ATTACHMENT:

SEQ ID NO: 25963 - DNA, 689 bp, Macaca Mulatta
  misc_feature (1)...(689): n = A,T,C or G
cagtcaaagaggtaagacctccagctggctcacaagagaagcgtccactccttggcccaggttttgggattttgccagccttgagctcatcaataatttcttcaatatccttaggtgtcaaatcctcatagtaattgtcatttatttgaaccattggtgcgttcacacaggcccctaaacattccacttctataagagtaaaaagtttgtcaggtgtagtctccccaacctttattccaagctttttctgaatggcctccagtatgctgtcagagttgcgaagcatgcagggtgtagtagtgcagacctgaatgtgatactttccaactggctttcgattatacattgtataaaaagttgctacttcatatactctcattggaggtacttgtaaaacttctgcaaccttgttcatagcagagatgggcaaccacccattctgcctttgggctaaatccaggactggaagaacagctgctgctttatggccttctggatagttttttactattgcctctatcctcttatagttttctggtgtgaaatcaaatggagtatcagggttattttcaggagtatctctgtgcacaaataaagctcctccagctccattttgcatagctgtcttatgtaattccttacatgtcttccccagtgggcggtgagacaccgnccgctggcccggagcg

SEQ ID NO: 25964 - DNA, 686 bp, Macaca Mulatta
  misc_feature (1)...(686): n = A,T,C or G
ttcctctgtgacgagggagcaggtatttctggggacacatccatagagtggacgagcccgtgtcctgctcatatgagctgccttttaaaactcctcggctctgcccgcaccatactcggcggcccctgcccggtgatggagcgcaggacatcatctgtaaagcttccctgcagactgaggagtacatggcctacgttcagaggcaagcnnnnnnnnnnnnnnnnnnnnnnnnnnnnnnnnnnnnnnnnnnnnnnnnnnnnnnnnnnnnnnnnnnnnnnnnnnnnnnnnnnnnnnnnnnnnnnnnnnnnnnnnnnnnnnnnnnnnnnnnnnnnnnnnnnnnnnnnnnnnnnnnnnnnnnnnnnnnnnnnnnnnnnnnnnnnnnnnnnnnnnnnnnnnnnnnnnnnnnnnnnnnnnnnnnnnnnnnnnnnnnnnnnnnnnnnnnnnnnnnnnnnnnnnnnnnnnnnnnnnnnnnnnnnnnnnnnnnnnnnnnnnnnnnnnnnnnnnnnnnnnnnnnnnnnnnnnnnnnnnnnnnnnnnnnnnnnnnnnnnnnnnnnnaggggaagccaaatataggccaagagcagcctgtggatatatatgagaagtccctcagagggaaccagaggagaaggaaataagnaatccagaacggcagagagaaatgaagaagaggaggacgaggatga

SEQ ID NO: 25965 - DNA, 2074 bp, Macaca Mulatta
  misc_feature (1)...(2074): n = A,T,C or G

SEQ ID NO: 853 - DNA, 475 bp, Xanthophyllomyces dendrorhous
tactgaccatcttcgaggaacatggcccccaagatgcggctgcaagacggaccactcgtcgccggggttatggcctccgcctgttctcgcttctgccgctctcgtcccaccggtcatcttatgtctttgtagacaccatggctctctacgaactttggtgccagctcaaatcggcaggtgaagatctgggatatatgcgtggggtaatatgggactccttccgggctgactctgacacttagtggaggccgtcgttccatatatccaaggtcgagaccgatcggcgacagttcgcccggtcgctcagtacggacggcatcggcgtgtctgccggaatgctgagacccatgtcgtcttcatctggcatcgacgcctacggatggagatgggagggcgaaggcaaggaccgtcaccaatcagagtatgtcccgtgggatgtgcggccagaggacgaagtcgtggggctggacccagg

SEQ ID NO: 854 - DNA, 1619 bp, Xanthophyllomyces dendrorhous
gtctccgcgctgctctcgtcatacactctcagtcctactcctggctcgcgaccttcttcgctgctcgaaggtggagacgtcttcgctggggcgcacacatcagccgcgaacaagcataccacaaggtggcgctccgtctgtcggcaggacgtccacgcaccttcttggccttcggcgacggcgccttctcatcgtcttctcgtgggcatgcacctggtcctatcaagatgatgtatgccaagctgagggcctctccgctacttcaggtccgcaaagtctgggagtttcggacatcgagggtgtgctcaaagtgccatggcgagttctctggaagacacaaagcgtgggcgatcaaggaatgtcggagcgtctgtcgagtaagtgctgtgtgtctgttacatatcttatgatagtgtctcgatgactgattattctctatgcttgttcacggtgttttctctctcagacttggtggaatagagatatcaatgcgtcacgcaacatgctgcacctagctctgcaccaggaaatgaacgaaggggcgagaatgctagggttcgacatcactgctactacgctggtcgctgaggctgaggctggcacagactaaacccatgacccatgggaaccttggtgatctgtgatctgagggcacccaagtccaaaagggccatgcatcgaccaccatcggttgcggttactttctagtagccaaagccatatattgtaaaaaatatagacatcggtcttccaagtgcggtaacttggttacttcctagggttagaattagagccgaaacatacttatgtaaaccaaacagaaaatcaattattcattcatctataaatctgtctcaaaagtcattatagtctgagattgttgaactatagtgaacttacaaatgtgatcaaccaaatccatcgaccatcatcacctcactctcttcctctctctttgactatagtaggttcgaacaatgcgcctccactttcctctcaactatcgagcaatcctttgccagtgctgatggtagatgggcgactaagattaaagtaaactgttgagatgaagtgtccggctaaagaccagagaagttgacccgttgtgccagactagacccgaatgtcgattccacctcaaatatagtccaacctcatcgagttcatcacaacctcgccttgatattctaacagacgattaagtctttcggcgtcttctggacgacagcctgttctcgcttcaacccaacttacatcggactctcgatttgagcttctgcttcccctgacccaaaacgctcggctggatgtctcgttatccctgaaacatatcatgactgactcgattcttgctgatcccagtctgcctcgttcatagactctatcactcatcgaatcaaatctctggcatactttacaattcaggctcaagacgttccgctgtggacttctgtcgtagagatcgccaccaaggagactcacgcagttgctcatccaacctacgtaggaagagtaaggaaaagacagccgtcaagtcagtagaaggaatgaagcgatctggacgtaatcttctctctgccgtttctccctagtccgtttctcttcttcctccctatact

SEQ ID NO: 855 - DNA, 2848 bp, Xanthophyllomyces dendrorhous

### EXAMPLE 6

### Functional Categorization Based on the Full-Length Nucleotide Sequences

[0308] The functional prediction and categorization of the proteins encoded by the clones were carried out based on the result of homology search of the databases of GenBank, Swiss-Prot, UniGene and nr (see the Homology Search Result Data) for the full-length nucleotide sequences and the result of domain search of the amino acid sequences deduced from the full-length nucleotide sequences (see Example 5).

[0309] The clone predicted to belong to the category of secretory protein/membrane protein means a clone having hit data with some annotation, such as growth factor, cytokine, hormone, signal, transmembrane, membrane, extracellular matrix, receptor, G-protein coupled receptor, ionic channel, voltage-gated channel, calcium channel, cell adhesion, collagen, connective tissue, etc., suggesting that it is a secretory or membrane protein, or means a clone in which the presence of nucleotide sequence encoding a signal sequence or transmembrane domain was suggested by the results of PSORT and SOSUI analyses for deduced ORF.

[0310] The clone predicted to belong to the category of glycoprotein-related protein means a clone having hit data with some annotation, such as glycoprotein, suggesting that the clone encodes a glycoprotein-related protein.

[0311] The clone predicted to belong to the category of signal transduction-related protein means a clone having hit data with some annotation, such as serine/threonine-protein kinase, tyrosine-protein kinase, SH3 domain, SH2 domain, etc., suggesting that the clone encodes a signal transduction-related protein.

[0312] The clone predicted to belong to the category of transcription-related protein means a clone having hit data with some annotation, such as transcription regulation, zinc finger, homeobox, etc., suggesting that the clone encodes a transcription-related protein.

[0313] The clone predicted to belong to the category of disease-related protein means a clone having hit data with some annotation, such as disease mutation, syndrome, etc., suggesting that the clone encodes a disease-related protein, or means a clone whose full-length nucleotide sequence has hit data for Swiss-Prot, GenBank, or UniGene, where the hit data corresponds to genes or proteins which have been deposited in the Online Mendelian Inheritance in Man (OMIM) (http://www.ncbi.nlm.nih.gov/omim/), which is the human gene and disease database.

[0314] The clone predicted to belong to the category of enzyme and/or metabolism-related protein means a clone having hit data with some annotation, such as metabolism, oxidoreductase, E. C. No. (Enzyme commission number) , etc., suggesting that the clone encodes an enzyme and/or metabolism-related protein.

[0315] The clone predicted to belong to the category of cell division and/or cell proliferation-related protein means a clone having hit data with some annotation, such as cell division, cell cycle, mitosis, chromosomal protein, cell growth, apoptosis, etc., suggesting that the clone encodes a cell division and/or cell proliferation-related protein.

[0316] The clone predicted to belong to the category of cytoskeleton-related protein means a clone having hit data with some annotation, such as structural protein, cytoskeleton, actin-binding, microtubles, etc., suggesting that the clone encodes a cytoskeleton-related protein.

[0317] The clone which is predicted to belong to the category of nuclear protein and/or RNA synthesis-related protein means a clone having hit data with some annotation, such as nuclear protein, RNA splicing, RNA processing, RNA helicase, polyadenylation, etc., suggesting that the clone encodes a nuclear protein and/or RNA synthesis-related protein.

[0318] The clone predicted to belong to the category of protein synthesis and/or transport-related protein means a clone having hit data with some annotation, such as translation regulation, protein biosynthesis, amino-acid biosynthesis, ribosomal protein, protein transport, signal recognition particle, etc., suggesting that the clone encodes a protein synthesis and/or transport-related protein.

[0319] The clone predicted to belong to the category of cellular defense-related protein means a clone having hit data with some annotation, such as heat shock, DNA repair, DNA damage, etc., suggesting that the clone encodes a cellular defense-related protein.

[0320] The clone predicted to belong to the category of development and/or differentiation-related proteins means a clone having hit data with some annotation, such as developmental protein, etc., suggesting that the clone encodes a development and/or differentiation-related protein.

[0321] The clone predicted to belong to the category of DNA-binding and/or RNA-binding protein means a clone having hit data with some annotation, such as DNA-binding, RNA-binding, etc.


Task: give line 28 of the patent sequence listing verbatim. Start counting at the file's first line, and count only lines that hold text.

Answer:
[0320] The clone predicted to belong to the category of development and/or differentiation-related proteins means a clone having hit data with some annotation, such as developmental protein, etc., suggesting that the clone encodes a development and/or differentiation-related protein.